Yoga for Your Pets

yoga for your pets, pet yoga, pet exercise, healthy pets

Practicing yoga can do your body a world of good. It improves your balance, flexibility, and posture while strengthening your muscles. But doing yoga with your pets, especially your dog, has added benefits that can give both you and your pet a health boost.

“Doga”

Doing yoga with your dog as your partner is called “doga.” It’s a combination of massages, meditation, gentle stretching, and dog and human yoga poses. While it may seem odd to some, dogs are natural yogis and do similar stretches every day. Due to rising popularity, doga can be found in animal shelters, vet clinics, and pet spas as well as yoga centers. A typical doga session usually starts with standing poses and then, as the dogs and humans calm down, everyone transitions into sitting exercises for no longer than 40 minutes.

With pet obesity on the rise, doga has many health benefits you might be interested in, from preventing arthritis and other age-related injuries to improving digestion and heart function. Doga can calm your pet’s behavioral problems. Also, it can help improve your dog’s socialization skills.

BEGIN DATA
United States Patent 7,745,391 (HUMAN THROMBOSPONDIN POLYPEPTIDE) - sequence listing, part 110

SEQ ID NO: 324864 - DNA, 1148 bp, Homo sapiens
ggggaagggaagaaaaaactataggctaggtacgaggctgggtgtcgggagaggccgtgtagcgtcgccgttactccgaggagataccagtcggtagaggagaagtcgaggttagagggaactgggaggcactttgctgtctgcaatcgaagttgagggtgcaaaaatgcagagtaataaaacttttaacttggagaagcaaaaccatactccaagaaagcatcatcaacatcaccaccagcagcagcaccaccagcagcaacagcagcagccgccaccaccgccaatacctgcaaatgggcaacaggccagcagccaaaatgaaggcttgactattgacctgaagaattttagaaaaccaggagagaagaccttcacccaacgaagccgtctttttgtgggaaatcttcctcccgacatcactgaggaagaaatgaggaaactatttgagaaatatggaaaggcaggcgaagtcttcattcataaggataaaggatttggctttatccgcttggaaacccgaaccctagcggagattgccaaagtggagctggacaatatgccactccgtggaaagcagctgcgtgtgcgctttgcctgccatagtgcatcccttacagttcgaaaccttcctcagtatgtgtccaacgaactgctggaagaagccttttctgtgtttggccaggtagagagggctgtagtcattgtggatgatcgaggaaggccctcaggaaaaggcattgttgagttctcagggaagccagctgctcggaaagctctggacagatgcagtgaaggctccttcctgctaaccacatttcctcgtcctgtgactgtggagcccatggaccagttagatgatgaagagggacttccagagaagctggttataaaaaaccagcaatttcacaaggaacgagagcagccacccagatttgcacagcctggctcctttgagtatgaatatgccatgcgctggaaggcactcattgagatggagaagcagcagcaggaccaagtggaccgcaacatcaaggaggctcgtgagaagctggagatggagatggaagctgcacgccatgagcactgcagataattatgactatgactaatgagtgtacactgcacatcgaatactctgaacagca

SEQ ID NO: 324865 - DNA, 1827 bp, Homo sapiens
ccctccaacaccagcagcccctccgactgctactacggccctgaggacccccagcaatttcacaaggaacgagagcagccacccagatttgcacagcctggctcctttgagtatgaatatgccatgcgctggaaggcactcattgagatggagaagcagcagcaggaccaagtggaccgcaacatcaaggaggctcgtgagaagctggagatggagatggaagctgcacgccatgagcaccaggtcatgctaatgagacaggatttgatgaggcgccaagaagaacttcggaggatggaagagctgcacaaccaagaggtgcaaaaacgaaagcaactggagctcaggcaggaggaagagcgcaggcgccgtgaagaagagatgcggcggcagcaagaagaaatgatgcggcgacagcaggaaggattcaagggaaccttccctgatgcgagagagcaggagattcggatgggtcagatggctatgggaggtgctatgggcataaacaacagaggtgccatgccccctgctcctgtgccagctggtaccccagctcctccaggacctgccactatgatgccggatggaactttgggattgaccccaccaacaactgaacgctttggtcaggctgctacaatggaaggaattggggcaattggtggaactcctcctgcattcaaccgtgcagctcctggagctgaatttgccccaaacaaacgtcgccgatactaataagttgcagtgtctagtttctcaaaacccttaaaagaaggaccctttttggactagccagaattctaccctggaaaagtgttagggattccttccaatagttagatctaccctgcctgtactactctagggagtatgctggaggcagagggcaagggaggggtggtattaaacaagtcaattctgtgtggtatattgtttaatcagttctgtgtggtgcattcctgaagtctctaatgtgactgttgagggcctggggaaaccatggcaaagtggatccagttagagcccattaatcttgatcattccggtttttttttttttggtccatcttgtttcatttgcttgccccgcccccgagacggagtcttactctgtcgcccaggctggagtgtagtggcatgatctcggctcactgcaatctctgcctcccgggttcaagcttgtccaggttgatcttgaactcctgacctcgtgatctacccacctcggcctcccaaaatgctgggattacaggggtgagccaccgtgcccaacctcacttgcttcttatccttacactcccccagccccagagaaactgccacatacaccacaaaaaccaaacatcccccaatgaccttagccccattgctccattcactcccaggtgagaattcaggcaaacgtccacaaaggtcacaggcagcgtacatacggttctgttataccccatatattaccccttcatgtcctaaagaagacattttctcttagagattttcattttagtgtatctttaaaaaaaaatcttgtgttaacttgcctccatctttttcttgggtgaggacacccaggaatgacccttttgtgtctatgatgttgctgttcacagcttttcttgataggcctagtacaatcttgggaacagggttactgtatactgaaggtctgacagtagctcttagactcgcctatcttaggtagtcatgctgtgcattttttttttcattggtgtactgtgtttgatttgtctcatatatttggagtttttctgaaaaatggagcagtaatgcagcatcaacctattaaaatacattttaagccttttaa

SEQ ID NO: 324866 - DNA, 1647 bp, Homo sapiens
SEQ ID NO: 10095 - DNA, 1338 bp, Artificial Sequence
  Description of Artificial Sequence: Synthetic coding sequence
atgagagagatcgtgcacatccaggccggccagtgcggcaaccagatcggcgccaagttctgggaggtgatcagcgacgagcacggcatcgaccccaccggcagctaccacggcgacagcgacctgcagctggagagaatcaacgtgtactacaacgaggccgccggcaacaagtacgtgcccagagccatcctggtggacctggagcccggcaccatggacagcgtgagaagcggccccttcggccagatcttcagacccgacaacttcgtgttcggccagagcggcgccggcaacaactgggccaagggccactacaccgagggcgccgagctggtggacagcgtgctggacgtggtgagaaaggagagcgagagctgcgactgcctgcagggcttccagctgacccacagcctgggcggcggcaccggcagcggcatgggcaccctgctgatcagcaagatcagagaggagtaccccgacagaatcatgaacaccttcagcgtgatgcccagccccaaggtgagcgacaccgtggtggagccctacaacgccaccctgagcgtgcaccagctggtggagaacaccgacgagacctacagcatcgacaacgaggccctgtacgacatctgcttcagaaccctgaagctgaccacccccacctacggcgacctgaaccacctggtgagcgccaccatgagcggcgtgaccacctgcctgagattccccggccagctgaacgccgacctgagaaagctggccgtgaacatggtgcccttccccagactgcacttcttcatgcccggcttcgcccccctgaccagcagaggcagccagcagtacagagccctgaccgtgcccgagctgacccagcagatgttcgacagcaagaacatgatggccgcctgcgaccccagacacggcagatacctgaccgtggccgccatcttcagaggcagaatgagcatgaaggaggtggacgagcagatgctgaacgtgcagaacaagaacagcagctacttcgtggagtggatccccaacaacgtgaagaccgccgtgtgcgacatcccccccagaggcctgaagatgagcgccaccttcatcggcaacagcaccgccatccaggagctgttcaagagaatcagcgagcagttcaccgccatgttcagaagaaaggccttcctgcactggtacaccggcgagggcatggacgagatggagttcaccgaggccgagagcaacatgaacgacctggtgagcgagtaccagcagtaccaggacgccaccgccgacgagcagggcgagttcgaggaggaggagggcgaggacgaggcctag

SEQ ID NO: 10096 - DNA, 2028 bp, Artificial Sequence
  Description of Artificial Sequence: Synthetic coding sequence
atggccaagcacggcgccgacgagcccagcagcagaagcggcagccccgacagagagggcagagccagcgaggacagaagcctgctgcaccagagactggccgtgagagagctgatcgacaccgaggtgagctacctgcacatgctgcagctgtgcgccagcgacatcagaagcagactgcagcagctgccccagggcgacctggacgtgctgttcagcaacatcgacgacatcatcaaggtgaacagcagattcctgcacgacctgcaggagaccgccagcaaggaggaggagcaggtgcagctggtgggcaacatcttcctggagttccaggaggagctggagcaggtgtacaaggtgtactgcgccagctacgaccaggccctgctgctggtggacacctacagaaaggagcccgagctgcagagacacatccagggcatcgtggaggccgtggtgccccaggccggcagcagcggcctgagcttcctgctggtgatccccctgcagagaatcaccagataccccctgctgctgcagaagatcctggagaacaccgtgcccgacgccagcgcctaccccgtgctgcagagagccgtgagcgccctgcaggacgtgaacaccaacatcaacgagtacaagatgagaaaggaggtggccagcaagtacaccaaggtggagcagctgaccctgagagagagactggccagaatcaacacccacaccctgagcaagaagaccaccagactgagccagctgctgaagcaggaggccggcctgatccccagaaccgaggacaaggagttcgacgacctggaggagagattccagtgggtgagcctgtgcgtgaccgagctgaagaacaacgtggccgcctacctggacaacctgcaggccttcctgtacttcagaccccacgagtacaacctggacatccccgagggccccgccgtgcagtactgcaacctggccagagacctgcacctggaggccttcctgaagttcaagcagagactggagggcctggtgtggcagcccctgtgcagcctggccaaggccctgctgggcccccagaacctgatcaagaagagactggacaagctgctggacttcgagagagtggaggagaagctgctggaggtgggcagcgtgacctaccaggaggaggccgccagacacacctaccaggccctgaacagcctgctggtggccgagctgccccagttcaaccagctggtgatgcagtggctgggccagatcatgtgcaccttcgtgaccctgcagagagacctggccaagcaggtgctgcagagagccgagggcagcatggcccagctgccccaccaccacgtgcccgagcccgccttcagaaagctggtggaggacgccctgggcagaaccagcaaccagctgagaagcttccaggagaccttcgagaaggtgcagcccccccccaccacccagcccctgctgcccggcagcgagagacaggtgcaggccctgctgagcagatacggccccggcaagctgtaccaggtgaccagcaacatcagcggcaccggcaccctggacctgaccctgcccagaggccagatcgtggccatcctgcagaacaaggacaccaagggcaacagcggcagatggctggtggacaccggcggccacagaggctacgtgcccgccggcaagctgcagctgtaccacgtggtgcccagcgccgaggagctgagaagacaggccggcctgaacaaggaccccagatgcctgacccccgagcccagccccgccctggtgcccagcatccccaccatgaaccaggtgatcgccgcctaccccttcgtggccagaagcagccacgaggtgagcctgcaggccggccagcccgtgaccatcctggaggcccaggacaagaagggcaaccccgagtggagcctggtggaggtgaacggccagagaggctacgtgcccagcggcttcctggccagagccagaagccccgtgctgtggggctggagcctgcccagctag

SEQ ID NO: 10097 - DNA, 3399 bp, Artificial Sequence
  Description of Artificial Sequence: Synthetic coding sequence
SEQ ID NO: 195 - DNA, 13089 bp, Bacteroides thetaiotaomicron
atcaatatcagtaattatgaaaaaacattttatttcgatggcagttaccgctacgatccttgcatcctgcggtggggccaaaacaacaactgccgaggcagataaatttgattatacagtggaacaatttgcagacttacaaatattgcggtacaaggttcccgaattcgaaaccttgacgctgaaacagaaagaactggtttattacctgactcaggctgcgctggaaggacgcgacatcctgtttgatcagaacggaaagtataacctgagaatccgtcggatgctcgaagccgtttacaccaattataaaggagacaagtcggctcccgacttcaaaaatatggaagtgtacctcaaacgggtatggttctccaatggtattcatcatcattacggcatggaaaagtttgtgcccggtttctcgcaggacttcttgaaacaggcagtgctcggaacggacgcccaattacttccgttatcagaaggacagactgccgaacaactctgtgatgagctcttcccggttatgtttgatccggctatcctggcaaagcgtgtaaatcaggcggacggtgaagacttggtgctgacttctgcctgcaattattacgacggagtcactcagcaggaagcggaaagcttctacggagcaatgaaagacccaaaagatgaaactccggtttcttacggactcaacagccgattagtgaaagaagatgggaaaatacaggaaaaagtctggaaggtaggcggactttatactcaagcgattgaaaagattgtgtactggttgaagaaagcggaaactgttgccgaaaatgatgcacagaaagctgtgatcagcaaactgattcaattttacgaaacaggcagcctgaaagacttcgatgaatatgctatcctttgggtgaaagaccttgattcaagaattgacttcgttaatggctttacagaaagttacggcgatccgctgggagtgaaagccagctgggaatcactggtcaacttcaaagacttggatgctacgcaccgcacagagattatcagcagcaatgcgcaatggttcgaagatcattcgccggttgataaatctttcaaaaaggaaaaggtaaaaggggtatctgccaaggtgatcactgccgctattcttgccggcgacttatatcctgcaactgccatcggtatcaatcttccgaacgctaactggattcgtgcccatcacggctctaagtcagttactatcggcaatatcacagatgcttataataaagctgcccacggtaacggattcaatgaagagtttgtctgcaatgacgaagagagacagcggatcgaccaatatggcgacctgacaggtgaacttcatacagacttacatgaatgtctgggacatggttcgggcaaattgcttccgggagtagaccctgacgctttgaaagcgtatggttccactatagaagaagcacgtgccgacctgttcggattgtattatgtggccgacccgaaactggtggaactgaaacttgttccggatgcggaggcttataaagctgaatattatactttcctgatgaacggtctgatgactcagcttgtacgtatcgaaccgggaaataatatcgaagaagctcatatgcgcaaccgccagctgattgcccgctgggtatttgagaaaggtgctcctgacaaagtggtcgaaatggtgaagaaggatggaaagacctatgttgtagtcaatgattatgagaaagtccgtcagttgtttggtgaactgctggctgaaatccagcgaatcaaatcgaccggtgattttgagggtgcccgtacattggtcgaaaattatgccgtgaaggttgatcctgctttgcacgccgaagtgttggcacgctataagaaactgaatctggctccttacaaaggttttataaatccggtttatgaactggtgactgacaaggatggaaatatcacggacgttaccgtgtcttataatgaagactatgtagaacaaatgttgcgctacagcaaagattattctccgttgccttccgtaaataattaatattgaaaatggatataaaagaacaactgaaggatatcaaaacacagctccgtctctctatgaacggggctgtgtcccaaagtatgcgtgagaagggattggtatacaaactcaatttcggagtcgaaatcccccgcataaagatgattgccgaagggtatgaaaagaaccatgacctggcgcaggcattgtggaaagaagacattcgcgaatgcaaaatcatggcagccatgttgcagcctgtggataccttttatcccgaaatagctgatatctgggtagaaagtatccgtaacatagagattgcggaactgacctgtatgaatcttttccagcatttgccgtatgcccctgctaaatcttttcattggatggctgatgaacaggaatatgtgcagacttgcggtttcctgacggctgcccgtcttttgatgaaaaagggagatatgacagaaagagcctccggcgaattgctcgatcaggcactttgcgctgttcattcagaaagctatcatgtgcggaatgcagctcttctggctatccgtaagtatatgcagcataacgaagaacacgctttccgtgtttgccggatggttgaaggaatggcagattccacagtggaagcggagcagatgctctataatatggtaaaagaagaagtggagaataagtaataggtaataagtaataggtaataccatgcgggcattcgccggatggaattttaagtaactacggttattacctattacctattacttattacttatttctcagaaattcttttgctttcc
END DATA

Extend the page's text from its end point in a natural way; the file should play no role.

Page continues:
Your dog’s health isn’t the only benefit of doga. Just as dog owners get daily exercise by taking their pets on vigorous walks, doga is also an incentive to better our own health. With doga, humans are able to reap all the benefits of traditional yoga, but with a twist. By incorporating your dog you are able to “add extra weight into your routines and deepen your stretches.”

So, should you consider doga? Absolutely! When practicing doga we bond with our pets by synchronizing our energy. It’s also a time in which we can give our pet our undivided attention. By helping them into stretches, your pet will get used to your guiding touches. Experts say this will make things like clipping their nails easier.

If you’re looking for tips on how to get started on doga consider these Mindful suggestions:

  1. Research. Call up local yoga center, vet clinics, and pet spas to see if they offer doga or can provide recommendations. Also, be sure to inquire about the instructor’s doga background, as there’s no official doga certification.
  2. Try doga exercises. For an idea of what type of exercises are practiced during doga consider Kari Harendorf’s list of common doga poses. The list includes warrior pose, triangle pose, happy puppy, and standing forward bend.
  3. Start at home. If you’re fearful that your pet may be a disruption or won’t participate try going through a trial period at home before attending classes. There are home doga books and DVDs that will help both you and dog become better acquainted with this practice.